Camera Gear

The Platypod: An Alternative to Bulky Tripods

The Platypod: An Alternative to Bulky Tripods

For photographers, there are some tools that are game changers. Those of you that use tripods and monopods often to capture crystal clear long exposures know exactly what I’m talking about. There’s a new alternative to the tripod now, one that makes life a lot easier for photographers who are tired of lugging around heavy gear bags and bulky tripods. This new device is the Platypod.

If you use a tripod regularly, then you’ll definitely want to check it out. I’ve been using the Platypod Ultra for more than a year now, and I’ve found that it’s one of my favorite pieces of gear. For me, it’s especially handy in places where you’re not allowed to use a tripod, like museums and other public spaces. It hooks right to my camera bag, so I always have a stabilizer handy whether I’m shooting waterfalls, landscapes, architecture or something else. Let me get into how this invention came about, and how you can put it to use. You may find that this is the next piece of gear on your wishlist!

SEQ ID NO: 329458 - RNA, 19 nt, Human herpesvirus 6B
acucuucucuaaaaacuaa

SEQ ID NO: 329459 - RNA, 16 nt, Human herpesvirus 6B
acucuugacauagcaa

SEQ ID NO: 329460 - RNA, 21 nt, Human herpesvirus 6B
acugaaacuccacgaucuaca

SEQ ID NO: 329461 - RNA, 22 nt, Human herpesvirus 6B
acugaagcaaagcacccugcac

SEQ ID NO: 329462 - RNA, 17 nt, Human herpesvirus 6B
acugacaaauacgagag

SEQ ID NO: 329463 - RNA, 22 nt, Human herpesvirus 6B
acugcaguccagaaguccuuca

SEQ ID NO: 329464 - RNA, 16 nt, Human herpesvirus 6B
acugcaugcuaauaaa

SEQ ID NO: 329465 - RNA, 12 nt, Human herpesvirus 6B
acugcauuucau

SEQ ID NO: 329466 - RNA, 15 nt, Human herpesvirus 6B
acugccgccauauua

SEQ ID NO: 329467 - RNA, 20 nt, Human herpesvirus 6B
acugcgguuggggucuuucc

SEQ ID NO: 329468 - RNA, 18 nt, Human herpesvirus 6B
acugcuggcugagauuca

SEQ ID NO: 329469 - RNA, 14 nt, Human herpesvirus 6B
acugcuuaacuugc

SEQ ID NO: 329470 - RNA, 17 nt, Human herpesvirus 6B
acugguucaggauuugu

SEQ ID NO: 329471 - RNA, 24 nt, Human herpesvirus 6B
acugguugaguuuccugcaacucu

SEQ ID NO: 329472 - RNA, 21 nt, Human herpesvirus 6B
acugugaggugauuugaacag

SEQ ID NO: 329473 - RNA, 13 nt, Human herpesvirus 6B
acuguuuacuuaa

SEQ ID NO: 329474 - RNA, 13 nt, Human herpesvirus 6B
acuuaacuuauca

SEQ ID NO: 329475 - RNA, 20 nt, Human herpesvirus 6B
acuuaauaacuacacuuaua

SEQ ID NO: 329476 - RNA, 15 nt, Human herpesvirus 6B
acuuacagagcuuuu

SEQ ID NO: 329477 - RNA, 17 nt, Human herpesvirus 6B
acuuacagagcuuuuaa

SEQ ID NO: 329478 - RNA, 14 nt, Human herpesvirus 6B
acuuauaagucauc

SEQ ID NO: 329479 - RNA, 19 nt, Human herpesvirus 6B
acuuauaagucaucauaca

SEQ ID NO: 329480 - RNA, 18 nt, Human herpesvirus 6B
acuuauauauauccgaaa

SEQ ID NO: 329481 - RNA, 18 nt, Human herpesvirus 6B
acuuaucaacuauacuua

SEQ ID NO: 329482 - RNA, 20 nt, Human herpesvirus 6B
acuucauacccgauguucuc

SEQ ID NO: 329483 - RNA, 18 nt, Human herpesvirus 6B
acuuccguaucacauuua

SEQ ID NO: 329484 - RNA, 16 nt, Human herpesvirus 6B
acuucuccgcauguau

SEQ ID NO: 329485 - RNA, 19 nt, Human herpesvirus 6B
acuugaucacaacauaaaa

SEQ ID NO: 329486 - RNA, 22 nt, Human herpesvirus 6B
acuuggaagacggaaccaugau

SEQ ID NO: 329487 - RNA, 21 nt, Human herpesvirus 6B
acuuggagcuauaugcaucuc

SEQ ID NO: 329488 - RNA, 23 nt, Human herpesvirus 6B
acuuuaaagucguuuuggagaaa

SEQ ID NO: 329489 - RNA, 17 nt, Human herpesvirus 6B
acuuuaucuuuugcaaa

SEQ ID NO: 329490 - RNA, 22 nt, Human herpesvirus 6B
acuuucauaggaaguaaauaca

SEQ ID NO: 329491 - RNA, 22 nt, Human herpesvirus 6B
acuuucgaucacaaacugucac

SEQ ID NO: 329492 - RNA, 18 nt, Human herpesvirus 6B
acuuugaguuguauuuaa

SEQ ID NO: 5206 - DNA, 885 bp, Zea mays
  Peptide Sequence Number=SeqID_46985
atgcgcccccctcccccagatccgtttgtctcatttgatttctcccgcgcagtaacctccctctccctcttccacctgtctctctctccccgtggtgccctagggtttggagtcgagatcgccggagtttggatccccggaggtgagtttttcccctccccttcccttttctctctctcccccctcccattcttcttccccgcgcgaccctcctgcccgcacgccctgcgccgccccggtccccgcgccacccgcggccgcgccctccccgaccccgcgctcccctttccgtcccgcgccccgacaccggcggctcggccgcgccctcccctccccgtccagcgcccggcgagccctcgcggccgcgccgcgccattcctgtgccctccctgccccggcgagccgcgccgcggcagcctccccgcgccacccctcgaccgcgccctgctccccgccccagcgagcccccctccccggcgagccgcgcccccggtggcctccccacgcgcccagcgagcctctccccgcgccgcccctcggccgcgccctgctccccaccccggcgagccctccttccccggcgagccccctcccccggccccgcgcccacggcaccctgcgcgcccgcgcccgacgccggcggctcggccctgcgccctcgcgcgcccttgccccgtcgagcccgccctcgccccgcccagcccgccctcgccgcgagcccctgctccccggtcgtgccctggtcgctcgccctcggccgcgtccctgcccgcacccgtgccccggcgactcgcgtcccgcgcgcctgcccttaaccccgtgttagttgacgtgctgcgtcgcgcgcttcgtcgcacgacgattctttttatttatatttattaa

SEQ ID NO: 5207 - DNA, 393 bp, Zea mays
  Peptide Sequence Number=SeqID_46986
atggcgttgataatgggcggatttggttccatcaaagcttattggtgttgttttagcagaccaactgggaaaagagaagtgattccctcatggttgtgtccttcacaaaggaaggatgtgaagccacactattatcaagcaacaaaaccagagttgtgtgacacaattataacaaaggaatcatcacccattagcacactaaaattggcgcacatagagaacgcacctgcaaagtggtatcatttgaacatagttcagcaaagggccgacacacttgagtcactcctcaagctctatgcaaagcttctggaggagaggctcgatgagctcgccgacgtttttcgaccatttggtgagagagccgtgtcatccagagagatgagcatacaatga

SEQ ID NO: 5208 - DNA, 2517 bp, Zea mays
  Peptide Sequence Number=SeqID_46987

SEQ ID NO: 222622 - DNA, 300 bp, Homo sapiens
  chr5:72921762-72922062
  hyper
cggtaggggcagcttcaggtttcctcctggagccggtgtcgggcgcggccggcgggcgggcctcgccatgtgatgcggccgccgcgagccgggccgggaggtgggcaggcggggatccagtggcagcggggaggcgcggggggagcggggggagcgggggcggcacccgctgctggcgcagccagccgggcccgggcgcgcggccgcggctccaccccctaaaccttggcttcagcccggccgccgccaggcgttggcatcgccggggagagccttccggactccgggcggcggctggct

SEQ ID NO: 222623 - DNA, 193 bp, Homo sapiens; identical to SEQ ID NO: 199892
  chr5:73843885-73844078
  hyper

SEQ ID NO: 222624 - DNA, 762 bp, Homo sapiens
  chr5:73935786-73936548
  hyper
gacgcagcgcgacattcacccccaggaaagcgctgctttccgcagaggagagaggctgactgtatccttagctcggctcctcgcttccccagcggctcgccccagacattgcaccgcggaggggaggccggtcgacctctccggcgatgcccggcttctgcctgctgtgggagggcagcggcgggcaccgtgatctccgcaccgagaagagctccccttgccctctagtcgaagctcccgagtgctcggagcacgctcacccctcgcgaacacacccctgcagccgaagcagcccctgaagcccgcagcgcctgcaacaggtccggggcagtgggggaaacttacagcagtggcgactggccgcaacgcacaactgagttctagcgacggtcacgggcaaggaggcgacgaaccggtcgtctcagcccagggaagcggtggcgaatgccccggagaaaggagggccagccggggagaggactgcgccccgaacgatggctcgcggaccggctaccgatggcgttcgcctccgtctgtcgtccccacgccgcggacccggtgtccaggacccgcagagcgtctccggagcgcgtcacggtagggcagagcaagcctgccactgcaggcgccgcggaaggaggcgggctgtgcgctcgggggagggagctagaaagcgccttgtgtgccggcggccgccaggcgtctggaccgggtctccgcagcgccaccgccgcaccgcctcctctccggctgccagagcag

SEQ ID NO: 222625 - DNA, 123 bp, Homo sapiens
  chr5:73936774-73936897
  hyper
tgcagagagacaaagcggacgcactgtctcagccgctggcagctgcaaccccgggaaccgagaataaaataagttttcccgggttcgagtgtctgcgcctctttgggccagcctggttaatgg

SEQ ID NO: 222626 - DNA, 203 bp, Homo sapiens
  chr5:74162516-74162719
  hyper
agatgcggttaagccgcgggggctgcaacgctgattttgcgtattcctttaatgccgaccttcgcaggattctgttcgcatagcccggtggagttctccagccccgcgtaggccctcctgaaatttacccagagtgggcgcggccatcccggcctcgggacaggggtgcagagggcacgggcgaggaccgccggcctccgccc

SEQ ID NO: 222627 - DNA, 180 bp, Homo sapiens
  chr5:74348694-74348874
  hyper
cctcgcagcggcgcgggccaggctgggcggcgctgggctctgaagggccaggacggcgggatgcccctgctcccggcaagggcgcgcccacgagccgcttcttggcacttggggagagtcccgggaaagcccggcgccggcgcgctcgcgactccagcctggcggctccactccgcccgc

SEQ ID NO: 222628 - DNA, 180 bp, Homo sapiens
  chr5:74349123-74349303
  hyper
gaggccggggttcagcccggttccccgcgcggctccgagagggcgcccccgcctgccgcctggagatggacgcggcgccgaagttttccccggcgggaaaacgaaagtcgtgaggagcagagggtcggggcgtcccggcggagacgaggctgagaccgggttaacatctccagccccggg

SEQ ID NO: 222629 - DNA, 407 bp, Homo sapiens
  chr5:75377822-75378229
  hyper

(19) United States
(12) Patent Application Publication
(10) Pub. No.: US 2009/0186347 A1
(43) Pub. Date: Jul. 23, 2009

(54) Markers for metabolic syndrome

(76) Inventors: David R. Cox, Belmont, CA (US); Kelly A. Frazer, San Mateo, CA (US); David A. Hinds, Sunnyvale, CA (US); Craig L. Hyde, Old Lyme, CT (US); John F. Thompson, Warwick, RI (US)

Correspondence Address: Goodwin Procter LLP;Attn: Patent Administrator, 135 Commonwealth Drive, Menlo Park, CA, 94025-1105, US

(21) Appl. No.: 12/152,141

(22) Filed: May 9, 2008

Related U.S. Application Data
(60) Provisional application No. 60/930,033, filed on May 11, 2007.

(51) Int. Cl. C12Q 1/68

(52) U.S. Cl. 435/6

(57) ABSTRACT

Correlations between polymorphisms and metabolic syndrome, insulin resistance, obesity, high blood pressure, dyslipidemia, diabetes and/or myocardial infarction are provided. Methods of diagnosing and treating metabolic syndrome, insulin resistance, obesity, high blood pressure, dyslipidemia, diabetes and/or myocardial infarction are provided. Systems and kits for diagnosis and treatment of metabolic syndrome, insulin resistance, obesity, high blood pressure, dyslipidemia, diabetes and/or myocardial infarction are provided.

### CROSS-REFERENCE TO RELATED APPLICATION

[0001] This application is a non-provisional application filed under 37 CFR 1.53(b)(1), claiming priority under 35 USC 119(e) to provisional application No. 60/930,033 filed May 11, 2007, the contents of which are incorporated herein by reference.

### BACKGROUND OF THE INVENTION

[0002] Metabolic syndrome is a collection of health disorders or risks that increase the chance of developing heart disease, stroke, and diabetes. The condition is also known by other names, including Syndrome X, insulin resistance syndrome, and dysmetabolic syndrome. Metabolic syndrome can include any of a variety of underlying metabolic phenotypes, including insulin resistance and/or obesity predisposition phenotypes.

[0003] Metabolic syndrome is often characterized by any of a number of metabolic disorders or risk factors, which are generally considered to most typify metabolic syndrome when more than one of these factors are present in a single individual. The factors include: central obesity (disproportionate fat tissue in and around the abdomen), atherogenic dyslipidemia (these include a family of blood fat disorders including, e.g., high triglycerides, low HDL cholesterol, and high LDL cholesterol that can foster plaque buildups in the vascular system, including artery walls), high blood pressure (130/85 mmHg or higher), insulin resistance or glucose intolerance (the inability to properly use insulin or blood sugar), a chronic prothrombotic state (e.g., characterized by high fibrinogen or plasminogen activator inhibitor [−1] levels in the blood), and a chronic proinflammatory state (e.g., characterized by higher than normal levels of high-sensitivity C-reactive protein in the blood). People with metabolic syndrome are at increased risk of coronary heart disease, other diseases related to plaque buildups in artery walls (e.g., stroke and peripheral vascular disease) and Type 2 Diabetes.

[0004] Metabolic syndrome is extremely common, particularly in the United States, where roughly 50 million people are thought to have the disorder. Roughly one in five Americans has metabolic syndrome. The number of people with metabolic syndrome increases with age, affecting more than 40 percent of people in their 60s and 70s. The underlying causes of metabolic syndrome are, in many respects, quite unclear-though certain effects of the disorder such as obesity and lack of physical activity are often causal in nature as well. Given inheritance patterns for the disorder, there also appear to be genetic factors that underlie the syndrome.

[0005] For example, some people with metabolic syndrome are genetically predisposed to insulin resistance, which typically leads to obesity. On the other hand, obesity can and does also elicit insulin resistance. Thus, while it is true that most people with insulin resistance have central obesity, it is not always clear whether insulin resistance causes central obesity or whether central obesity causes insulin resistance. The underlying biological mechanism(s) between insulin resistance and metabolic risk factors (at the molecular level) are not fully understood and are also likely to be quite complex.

Using my Platypod at James A. Garfield Tomb

Using my Platypod at the James A. Garfield Tomb.

How the Platypod Was Born

The Platypod started as a Kickstarter campaign by Larry Tiefenbrunn. According to the Kickstarter page, Larry, the inventor, grew frustrated with bulky tripods. The last straw came during a grueling hike through Brice Canyon National Park in Utah. This led to a search for a compact tripod, but the issue with compact tripods that are small enough to fit in most camera bags is that they’re often just not sturdy enough to hold a full-sized DSLR.

So, Larry got to work and created the first Platypod. The device is simple: A flat base not much larger than the average smartphone that allows you to take the ball head from a conventional tripod and attach it to the Platypod. This gives you a stable — and compact — way to support your camera. Since this device is inspired by the platypus, because of the animal’s large, flat feet, Larry dubbed his new invention the “Platypod.”